Most categories require a physical photo to be submitted on a 16 inch by 20 inch mat board or foam core board. Photographs are only accepted the weekend before the fair opens. Any print up to 16 inches by 20 inches is permitted and the print must be mounted proportionally and securely to mat board or foam core board (glass coverings, frames,
wires, clips, strings, thin poster board, or any sticky substances that can be felt on the front or back of the entry are prohibited). The thickness of an entry cannot be greater than one-half inch.
I print my entries as 11x14 prints. Many framing shops can trim and dry mount these prints to mat board or foam core board, but it is usually cheaper to do this yourself.
Because one of my photos typically is not the same proportion as an 11x14 print, I have to create an extra white border along the two longest sides. To do this, I create a white 11x14 300 dpi image in Photoshop and then place my photo onto this image, flatten the image, and then submit the file for printing as an 11x14 print.
Then I need to trim the print before I mount it to 16x20 foam core.
To trim the photo you will need a straight ruler, a knife, and a cutting board (all of which you can find at an art supply store, such as Hobby Lobby).
Please be careful with the cutting knife, and the blade should be very sharp so that you can make a clean cut. Push away with the knife (rather than pulling towards you) as you make the cut.
Place your photograph on the cutting board,
line your ruler where you wish to trim, and carefully pull your knife along the edge of your ruler making a clean cut along the length of the photograph.
Check your photograph to make sure you have a clean cut (and correct if necessary).
Once your photograph is trimmed, mark your foam core board so that you know where to place your photo after the adhesive has been applied. One of the easiest ways to do this (in my opinion) is to use Post-It notes as a guide. Post-It notes can be easily removed without leaving any marks on your foam core board.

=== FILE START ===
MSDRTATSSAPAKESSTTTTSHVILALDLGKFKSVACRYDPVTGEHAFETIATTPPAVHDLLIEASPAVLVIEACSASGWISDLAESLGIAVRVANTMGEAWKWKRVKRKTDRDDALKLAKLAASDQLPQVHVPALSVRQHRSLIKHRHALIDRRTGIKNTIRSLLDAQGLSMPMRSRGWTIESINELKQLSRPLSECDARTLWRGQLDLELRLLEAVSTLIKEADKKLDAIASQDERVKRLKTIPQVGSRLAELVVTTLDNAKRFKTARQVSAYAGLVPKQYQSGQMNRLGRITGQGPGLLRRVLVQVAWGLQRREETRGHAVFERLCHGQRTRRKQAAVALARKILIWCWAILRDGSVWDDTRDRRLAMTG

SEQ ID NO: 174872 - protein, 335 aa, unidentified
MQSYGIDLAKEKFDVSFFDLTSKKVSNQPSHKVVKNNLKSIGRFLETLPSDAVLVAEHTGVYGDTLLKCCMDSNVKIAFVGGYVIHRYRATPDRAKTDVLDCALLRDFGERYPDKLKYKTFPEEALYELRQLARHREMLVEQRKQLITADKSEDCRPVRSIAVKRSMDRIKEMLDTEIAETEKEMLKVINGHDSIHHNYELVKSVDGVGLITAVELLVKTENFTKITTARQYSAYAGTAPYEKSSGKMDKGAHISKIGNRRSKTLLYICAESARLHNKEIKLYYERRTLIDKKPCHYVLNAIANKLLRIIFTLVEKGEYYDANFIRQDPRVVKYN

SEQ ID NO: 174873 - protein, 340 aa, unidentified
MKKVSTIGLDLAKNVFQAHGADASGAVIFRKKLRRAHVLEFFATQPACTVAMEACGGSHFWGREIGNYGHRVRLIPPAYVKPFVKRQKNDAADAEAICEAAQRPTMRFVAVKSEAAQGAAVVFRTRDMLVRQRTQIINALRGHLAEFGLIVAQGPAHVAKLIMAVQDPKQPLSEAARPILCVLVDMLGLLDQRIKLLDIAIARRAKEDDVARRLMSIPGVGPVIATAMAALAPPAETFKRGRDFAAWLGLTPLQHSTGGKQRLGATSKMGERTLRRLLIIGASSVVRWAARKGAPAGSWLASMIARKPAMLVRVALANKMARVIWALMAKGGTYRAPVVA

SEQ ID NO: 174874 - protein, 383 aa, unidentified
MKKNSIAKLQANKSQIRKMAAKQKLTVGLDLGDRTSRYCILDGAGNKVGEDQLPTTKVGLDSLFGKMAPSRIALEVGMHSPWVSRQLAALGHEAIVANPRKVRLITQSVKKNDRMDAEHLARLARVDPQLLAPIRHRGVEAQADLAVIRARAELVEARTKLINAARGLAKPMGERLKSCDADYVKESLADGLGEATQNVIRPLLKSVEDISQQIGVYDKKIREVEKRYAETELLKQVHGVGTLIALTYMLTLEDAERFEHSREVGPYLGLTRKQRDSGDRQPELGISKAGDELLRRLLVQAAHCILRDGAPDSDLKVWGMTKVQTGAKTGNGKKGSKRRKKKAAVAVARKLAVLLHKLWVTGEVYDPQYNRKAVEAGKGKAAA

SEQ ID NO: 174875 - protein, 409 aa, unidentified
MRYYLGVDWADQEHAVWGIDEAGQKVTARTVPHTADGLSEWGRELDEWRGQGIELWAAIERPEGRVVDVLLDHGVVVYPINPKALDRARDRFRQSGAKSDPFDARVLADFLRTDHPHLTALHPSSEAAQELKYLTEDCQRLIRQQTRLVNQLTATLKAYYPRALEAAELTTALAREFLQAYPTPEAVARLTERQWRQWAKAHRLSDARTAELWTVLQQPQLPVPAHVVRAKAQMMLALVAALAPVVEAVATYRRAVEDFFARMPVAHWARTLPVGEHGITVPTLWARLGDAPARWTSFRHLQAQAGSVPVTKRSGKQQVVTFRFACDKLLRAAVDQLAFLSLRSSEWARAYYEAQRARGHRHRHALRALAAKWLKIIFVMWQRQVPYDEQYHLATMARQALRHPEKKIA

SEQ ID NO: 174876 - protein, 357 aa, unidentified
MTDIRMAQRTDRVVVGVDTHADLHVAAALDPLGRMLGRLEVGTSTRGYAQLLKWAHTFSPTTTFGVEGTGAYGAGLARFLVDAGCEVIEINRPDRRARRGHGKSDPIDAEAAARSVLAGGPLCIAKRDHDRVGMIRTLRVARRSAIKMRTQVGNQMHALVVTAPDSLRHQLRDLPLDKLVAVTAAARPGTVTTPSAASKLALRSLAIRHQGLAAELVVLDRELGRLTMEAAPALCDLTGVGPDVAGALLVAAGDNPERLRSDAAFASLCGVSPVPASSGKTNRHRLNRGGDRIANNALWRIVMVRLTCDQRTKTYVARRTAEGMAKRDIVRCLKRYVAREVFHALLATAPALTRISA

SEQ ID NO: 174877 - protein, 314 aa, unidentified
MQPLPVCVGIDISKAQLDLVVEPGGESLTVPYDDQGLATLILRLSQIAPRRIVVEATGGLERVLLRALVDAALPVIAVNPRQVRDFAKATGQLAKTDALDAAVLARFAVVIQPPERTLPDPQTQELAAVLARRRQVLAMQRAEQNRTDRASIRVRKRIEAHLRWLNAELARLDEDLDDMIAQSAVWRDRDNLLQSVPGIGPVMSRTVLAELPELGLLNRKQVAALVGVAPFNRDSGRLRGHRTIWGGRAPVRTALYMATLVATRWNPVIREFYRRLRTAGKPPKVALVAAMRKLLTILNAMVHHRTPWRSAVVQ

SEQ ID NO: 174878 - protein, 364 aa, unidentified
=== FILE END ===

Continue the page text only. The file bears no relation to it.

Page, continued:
I use two Post-It notes to mark both ends of the longest edge (so that my photograph is straight) and one Post-It note to mark where one of the short edges needs to be placed.
While working in a well-ventilated area, place your photograph face-down on a clean surface and apply the adhesive. Applying an adhesive to a photograph is not considered archival (but, in this case for me, this isn't going to be an archival print that I am ever going to sell). Mount your print to the foam core and allow it to dry.
You should receive your entry tags from the fair one-to-two weeks before your entry is due. The fair is very particular about how this entry tag has to be attached to your entry (if it is not attached properly, your entry will not be accepted but they will allow you to correct your mistake on-site). Loop the included string through your tag and, with your entry face-down, securely tape the string to the top right hand corner (so that when your photo is hung for display, the entry tag will hang over the top of the left corner). You should also make and attach a tag with your name to the back of your entry (just in case something happens to your entry tag).
Your entry is now ready to submit to the fair.
When your entry is placed in an upright position, the entry tag should hang over the top left corner. Be sure to detach your claim check from the entry tag and save in a safe place (you will need this claim check on the Monday after the fair ends to pick up your entry, and any ribbon).
Fold the bottom of the tag to cover your name for the judging process and slip the edge under the tab.
Be sure to attend the fair and spend some time viewing all of the other photography entries. Studying those entries which received ribbons is a wonderful way to learn! And roaming around the fair is a great photo opportunity.
I am a fine art and conservation photographer from Louisville, Kentucky, who uses photography to advocate for conservation outcomes, protecting nature and improving the natural environment. Conservation photography furthers environmental conservation, wildlife conservation, habitat conservation and cultural conservation by expanding public awareness of issues and stimulating remedial action. You can see more of my work at www.hultgren.org.